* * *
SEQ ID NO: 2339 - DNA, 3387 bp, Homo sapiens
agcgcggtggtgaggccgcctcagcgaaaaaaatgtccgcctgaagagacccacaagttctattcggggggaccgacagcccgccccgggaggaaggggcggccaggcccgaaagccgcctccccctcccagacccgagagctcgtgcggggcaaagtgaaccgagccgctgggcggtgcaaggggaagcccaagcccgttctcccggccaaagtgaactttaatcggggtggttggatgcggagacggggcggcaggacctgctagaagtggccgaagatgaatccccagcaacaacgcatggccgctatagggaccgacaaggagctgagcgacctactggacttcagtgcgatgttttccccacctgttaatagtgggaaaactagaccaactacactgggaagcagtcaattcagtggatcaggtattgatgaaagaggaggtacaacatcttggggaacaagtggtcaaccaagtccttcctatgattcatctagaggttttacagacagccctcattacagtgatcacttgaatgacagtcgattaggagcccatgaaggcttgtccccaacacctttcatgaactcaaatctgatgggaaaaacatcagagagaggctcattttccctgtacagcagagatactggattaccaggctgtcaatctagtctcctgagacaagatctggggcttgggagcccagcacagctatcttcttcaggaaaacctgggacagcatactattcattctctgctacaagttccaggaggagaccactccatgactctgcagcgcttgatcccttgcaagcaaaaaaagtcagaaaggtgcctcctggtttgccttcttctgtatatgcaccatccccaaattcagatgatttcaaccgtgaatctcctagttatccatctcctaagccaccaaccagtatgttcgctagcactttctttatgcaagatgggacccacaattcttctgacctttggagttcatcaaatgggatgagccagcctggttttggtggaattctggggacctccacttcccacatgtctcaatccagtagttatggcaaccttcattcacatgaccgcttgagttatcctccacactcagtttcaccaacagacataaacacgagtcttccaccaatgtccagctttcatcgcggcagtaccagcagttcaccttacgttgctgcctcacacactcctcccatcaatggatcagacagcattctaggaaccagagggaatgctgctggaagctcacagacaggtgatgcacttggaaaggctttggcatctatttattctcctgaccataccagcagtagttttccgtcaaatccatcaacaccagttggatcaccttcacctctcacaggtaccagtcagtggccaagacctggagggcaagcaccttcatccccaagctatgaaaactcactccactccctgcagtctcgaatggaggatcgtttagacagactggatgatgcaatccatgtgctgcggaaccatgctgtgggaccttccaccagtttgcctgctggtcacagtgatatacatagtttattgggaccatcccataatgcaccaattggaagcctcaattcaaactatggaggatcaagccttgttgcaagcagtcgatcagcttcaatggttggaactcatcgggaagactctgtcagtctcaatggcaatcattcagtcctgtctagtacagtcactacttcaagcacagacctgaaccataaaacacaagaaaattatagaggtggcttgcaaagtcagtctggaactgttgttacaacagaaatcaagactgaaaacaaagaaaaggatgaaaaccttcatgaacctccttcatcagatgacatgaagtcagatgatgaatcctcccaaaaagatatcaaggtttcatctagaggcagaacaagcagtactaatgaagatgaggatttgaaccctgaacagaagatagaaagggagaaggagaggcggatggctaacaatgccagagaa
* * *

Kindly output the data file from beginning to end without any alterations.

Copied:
SEQ ID NO: 2339 - DNA, 3387 bp, Homo sapiens
agcgcggtggtgaggccgcctcagcgaaaaaaatgtccgcctgaagagacccacaagttctattcggggggaccgacagcccgccccgggaggaaggggcggccaggcccgaaagccgcctccccctcccagacccgagagctcgtgcggggcaaagtgaaccgagccgctgggcggtgcaaggggaagcccaagcccgttctcccggccaaagtgaactttaatcggggtggttggatgcggagacggggcggcaggacctgctagaagtggccgaagatgaatccccagcaacaacgcatggccgctatagggaccgacaaggagctgagcgacctactggacttcagtgcgatgttttccccacctgttaatagtgggaaaactagaccaactacactgggaagcagtcaattcagtggatcaggtattgatgaaagaggaggtacaacatcttggggaacaagtggtcaaccaagtccttcctatgattcatctagaggttttacagacagccctcattacagtgatcacttgaatgacagtcgattaggagcccatgaaggcttgtccccaacacctttcatgaactcaaatctgatgggaaaaacatcagagagaggctcattttccctgtacagcagagatactggattaccaggctgtcaatctagtctcctgagacaagatctggggcttgggagcccagcacagctatcttcttcaggaaaacctgggacagcatactattcattctctgctacaagttccaggaggagaccactccatgactctgcagcgcttgatcccttgcaagcaaaaaaagtcagaaaggtgcctcctggtttgccttcttctgtatatgcaccatccccaaattcagatgatttcaaccgtgaatctcctagttatccatctcctaagccaccaaccagtatgttcgctagcactttctttatgcaagatgggacccacaattcttctgacctttggagttcatcaaatgggatgagccagcctggttttggtggaattctggggacctccacttcccacatgtctcaatccagtagttatggcaaccttcattcacatgaccgcttgagttatcctccacactcagtttcaccaacagacataaacacgagtcttccaccaatgtccagctttcatcgcggcagtaccagcagttcaccttacgttgctgcctcacacactcctcccatcaatggatcagacagcattctaggaaccagagggaatgctgctggaagctcacagacaggtgatgcacttggaaaggctttggcatctatttattctcctgaccataccagcagtagttttccgtcaaatccatcaacaccagttggatcaccttcacctctcacaggtaccagtcagtggccaagacctggagggcaagcaccttcatccccaagctatgaaaactcactccactccctgcagtctcgaatggaggatcgtttagacagactggatgatgcaatccatgtgctgcggaaccatgctgtgggaccttccaccagtttgcctgctggtcacagtgatatacatagtttattgggaccatcccataatgcaccaattggaagcctcaattcaaactatggaggatcaagccttgttgcaagcagtcgatcagcttcaatggttggaactcatcgggaagactctgtcagtctcaatggcaatcattcagtcctgtctagtacagtcactacttcaagcacagacctgaaccataaaacacaagaaaattatagaggtggcttgcaaagtcagtctggaactgttgttacaacagaaatcaagactgaaaacaaagaaaaggatgaaaaccttcatgaacctccttcatcagatgacatgaagtcagatgatgaatcctcccaaaaagatatcaaggtttcatctagaggcagaacaagcagtactaatgaagatgaggatttgaaccctgaacagaagatagaaagggagaaggagaggcggatggctaacaatgccagagaa